Exclusivity doesn’t reign | AspenTimes.com
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Exclusivity doesn’t reign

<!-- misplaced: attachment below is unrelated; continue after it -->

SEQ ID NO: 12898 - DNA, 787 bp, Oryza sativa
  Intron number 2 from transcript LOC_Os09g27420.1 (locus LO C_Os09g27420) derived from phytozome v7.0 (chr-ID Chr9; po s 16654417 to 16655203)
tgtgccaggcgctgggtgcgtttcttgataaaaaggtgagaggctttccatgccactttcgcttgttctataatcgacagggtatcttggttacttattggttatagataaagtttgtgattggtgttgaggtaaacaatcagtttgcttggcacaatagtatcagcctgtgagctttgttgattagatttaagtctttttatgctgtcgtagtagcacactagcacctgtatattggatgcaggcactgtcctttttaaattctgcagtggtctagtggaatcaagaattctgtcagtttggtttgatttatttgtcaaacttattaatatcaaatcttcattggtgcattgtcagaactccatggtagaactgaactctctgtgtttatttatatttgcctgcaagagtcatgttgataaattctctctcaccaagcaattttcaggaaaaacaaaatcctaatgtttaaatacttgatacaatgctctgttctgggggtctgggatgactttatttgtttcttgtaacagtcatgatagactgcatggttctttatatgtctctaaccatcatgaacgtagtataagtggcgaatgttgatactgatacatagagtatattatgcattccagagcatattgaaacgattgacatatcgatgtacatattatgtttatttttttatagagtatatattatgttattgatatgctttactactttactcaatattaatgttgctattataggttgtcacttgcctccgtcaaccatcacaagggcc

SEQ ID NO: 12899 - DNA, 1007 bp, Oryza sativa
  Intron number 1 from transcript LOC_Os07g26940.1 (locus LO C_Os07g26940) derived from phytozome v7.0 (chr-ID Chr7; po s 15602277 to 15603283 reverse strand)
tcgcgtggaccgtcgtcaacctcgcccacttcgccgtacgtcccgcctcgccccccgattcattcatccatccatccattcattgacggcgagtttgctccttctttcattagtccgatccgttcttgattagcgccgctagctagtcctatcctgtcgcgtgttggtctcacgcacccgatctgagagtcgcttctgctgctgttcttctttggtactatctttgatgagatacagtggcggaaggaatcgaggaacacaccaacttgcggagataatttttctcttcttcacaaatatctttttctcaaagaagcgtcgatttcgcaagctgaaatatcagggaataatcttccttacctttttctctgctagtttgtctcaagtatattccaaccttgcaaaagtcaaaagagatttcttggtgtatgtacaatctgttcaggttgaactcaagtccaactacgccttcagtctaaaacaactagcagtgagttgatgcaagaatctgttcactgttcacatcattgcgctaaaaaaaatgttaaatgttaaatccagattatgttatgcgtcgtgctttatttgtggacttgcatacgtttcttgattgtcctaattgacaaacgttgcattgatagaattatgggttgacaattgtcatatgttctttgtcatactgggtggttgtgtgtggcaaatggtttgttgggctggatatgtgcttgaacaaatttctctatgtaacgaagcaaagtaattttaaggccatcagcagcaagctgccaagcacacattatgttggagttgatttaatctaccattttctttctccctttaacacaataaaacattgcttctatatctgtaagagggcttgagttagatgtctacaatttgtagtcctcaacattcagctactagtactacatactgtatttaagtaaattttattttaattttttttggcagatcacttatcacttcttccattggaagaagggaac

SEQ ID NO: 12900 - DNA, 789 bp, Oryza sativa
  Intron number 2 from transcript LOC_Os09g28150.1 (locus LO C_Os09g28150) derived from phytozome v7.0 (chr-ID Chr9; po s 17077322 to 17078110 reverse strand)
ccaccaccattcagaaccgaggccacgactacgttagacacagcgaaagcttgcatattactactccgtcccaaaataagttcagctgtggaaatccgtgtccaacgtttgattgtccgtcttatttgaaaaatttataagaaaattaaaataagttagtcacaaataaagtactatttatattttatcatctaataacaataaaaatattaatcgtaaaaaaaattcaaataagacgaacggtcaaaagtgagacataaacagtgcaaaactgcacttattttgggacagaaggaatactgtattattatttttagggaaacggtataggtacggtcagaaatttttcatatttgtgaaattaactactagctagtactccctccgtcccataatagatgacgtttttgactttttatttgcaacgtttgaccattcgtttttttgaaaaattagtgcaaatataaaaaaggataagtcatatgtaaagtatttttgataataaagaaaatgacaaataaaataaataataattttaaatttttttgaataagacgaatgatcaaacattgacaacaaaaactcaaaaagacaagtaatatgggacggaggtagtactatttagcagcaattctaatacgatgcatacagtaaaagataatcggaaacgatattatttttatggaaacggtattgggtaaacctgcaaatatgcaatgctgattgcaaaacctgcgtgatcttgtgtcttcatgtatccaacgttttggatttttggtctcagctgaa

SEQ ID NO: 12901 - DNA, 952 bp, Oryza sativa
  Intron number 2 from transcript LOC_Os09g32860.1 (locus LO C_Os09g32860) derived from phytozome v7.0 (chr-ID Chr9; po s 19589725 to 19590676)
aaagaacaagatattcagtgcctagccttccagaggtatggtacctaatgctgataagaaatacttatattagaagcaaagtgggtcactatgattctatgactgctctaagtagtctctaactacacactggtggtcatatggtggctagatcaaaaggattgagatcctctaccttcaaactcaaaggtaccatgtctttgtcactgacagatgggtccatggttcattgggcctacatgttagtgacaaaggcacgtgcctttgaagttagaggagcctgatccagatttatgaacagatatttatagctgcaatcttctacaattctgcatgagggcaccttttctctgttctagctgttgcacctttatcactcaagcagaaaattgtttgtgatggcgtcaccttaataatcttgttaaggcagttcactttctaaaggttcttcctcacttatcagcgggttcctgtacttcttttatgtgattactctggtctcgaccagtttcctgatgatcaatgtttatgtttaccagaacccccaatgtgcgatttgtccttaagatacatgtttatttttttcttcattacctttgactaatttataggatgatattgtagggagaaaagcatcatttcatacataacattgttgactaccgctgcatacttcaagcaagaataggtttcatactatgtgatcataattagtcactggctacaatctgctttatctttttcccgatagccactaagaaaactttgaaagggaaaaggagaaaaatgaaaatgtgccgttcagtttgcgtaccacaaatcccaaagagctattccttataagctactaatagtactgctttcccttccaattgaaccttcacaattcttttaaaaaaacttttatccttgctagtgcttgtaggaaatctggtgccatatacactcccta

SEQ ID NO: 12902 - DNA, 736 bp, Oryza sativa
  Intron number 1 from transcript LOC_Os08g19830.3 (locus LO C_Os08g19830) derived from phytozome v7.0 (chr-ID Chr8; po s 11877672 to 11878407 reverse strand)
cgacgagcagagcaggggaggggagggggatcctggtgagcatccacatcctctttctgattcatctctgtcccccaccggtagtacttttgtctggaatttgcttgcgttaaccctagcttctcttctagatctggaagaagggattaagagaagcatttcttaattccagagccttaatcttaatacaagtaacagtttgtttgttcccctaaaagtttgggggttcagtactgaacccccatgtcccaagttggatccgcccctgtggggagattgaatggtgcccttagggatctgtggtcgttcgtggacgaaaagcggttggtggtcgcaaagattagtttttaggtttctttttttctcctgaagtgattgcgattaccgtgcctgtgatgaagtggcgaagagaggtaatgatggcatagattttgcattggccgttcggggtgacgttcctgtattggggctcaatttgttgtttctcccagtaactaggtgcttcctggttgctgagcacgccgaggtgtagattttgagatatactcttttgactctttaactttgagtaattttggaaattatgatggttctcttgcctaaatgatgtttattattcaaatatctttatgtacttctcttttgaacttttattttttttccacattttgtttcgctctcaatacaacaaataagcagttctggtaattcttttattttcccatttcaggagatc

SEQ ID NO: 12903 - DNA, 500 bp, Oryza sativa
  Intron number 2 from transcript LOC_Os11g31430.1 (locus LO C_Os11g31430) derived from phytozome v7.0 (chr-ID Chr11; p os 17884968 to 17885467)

Dear Editor:I am writing in response to a letter from John Dumke to the Times printed on April 4. To respond or not is a question I pondered at length. During the Easter service I decided to address the thoughts expressed in John’s letter.The message of Jesus expressed in his teachings is what makes me Christian. It is not the churches nor their leaders nor their leadership structures. I do not need, nor do I believe anyone needs, a church between me and my God. Jesus rebelled against the church of his time, and they crucified him for questioning their leadership. His lesson was always that all people are welcomed to receive the love of God. Women, children, sinners and tax collectors were all welcome to accept the love of God. This inclusiveness is what attracts me to Christianity.This is my belief; when man attempts to define God’s love he ALWAYS diminishes it. Mr. Dumke thinks he is a “true believer.” Any attempt to cast out God’s children from his welcomed table is diminishing and against the teachings of Jesus. Those that point to the Bible to justify their exclusive definition of who the in group is totally miss the true teachings of Jesus. Pro-slavery voices pointed to the Bible to justify that institution. They were wrong. Slavery is not right, and it needed to be abolished. Bible literalists point to scripture that supports keeping women subjugated. They are wrong. The Bible tells us that if our children are rebellious the correct response is to take them to the gates of the city and stone them to death. It is wrong. The Bible tells us that if one is caught in an adulterous activity we should stone them to death. It is wrong.Jesus picked up a stone and said let he who is without sin cast the first stone. He was right. The same thought process that wants to keep Negroes enslaved, women marginalized and sinners stoned will continue their exclusive behavior and keep homosexuals marginalized and not welcome at God’s table. They are wrong.In the civil rights movement, it was the church that led the way toward social justice. Where there is social injustice, we must face it and make it right. If the church is wrong we must make it right. Jesus knew this. He overturned the tables of the money changers. He spoke out against social injustice. Our churches and our laws must not exclude any of God’s children.To Mr. Dumke I say this: I pray for you to soften your heart and see the teachings of Jesus as an open invitation to all – women, children, tax collectors, adulterous people, Romans and homosexuals. To everyone, I hope you will not be silent when others attempt to justify the exclusion of any from full protection of the law and, most of all, full membership in God’s house. I invite all to come to our church.Ward HauensteinAspenMember of Aspen Community Church for more than 20 years


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